#28 – Joyce Ray’s Mr. Linky link isn’t working for me, so just in case that’s true for you, at Musings, Joyce is sharing a lovely poem honoring St. Hildegard. I love when history inspires poems, and when poetry helps me learn/feel something new.
#32 – Cathy shares a desert-y poem inspired by a very cool piece of sculpture.
#34 – Joanna shares the V, W, and X (yes, X) poems from her A-Z Endangered Species Haiku series. A very cool project!
#36 – Joy Acey is in with a fun clarinet poem, which she says she researched and then didn’t really need any of her research in the poem itself. I think that’s often the very best way to use research. Just background, mood-maker.
#37 – Matt Forrest Esenwine gives us an untitled sonnet about fall, with the beautiful line: Now sullen limbs hang low, with fingers crack’d. Ooh, how could you stop reading there?
#47 – Elaine Magliaro is back! She’s in with a mask poem about one of my favorite autumn things. Hint: Honk!
#41 – Beth answers the question, “Why write?” And this answer should be hung on every classroom wall.
#42 – Lorie Ann Grover is in with a slightly menacing haiku!
#49 – Jeanne Poland shares a fruit fly poem. Yes, fruit fly. I LOVE seeing the wide variety of poems we’re all sharing. That makes Poetry Friday so much fun!
Great Poems by Other Folks
#2 – Robyn Hood Black is in with a gorgeous excerpt from St. Francis’ Canticle of the Sun.
#6 – Diane Mayr shares a Robert Penn Warren poem that combines geese and Story. What could be better? (Geese honking overhead is one of my favorite autumn noises.)
#25 – Fats Suela shares an amazing Neil Gaiman poem that he wrote for someone who wanted a poem tattooed on his back! The tattoo? Eh. But the poem? Wow.
#10 – Diane Mayr, at yet another blog:>), shares Carl Sandburg’s “Fog,” plus a video.
#11 – Linda Baie introduces a new-to-me poet, Ben Mirov, and shares the non-traditional ”Black Glass Soliloquy.” It’s unusual, and I hope you’ll share your reaction to it. I’m curious:>)
#14 – Laura Shovan shares stuff I didn’t know about poet Tony Medina, plus a great poem about Harlem.
#15 – Carol plus Douglas Florian plus pirates–Ahoy, mateys–Get yer scurvy-ridden bones over there!
#24 – Jama is also sharing Douglas’ new book! The first two lines of the first poem she shared made me snort my Diet Coke!
#33 – And Douglas Florian himself has a poem up by Mary Mapes Dodge. I love a poet with a wry sense of humor–so Dodge and Floridan both have me won over!
#17 – Mary Lee shares a beautiful Wordsworth poem, but her post itself is even MORE beautiful than the poem.
#22 – Katya has a wonderful Eve Merrium poem up. I feel calmer just for having read this 15-second beauty.
#30 – Karen Edmisten shares a Carl Dennis poem about…well, about a daughter, but so much more. I rarely click through and read long poems, because I like short ones. But this one is worth every line. This ode to imagination and generosity of spirit just made my day!
#31 – Andromeda shares a new picture book collection that all the little builders in your life will love.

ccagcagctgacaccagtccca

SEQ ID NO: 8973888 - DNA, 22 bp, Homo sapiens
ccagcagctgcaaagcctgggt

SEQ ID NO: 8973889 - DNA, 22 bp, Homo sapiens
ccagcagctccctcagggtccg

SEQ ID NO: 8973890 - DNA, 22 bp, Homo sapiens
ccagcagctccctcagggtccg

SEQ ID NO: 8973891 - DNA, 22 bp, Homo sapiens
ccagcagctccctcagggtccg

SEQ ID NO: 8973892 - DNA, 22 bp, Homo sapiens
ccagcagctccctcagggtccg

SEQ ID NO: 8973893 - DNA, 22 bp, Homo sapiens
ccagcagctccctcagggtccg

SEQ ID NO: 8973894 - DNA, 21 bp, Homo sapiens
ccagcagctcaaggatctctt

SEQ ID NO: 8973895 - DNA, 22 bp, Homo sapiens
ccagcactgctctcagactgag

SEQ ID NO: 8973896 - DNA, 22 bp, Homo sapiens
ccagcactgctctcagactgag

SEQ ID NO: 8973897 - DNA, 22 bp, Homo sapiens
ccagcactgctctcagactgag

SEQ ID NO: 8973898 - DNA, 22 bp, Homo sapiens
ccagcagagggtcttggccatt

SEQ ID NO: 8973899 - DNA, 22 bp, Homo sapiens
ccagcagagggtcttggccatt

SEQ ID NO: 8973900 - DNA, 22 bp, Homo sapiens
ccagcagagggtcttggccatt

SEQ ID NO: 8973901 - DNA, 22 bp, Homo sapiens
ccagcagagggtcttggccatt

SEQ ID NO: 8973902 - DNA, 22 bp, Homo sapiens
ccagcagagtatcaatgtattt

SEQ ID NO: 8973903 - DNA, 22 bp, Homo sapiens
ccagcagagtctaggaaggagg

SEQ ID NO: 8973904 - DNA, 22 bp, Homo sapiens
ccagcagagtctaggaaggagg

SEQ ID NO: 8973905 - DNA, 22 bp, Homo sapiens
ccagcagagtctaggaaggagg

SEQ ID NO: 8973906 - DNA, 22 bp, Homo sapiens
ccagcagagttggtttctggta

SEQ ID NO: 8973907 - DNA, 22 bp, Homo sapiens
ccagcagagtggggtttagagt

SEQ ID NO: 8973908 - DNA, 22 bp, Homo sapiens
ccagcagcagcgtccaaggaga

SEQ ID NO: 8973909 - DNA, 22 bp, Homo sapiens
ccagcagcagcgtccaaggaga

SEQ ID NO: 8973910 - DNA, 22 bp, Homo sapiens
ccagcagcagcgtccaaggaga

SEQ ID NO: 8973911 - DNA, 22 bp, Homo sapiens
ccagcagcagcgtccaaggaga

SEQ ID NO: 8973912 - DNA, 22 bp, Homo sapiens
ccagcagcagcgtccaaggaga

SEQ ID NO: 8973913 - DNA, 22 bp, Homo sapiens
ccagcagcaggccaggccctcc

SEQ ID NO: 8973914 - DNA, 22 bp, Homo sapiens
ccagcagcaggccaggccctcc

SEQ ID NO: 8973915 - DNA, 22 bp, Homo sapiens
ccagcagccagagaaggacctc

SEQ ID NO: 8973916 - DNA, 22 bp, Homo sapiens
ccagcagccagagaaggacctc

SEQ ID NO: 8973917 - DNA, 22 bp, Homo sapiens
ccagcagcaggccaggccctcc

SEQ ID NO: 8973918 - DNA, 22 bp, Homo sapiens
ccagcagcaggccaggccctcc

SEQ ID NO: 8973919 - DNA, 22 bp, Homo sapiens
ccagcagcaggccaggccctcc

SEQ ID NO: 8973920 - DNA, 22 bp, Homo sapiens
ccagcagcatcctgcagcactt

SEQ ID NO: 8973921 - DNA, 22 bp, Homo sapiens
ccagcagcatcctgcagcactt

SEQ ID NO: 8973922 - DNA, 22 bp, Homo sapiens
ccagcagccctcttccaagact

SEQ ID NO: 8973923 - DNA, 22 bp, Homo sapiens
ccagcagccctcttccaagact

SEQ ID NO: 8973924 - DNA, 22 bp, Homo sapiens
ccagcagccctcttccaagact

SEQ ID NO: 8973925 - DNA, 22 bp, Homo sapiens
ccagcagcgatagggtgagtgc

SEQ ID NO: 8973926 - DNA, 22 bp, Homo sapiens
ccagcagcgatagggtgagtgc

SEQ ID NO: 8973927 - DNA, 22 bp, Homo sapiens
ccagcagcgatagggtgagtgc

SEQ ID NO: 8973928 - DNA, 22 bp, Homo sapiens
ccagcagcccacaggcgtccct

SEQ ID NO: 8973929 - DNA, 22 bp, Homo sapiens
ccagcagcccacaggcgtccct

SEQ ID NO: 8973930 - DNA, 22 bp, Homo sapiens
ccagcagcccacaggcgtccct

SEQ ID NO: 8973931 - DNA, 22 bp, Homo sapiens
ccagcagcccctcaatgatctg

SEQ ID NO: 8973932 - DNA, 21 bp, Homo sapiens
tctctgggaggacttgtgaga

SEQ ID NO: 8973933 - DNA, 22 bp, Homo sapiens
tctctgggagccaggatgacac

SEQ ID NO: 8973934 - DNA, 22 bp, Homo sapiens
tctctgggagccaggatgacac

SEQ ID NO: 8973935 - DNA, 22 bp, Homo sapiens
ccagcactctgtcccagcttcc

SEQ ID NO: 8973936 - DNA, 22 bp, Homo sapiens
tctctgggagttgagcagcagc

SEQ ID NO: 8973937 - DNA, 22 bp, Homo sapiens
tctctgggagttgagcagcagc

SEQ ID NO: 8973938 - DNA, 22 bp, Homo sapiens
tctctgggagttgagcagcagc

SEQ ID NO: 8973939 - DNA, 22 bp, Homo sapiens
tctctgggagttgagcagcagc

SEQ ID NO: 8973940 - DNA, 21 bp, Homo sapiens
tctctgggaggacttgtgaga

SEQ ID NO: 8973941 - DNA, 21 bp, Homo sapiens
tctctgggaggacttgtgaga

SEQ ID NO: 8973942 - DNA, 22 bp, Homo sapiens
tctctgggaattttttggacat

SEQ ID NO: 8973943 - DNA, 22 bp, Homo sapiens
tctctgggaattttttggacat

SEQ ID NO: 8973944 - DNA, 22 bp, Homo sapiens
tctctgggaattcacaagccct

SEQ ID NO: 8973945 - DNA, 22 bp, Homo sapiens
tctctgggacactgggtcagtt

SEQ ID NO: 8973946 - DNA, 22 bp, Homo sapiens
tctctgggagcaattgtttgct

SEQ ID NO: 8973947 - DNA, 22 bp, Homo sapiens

#38 – Tara has an Elizabeth Carlson poem that is funny and accepting and is just what I needed to read.
#40 – Julie Larios gives us a James Arthur poem about winter and night and a stranded moon…And Julie helps us read that poem a little more closely and learn from it.
#48 – Janet Squires has J. Patrick Lewis’ Please Bury Me in the Library for us today!
#46 – Catherine Johnson is in with a funny Thanksgiving poem, just in time for Canada’s Thanksgiving holiday. I can especially relate to the last two lines!
#43 – Readertotz shares a beautifully-sung rendition of Goodnight Moon.
How-To and Process Posts
#2 – Make sure to check out the link to Robyn Hood Black’s column on writing and submitting haiku for publication (this link isn’t in Mr. Linky). You’ll find the link to that column at the end of her Poetry Friday post. I’ll be going back to read that one once I’m caught up here!
#5 – Wow. Check out Diane Mayr’s fascinating post about the Spark challenge and the very cool interaction between her and PF regular Amy Ludwig Vanderwater, leading to this lovely art/poetry piece that Diane shares.
#7 – And look at this William Faulkner quotation that Diane shares, which perfectly defines the job and special talent of a poem:>)
#20 – Maria shares the most wonderful story about what happened when she had to skip Poetry Friday in her classroom. Don’t miss it!
#26 – Sylvia offers up a fabuloso list of autumn and Halloween poetry books. Educators, don’t miss this list!
#26 – Sylvia and Janet (that’s Vardell and Wong), the masterminds of the Poetry Friday Anthology, share the beginning of a terrific Michael Rosen poem, plus easy Common Core-related activities to go along with it. (This book is a treasure for teachers/librarians!)
#29 – Amy at the Poem Farm is sharing an original poem, and I love it! But I think the real treasure in her posts is always for teachers/students, as she shares basically a whole intimate poetry lesson with every poem. Amy-azing!
#39 – Go fill out Ed’s pop quiz–and don’t lie!
#45 – Jill Esbaum has a great post on using rhythm in rhyming picture books. Aspiring picture book writers, this one’s for you:>)
And don’t forget to rate BookSpeak, if you’re willing. Thank you, and Happy Poetry Friday!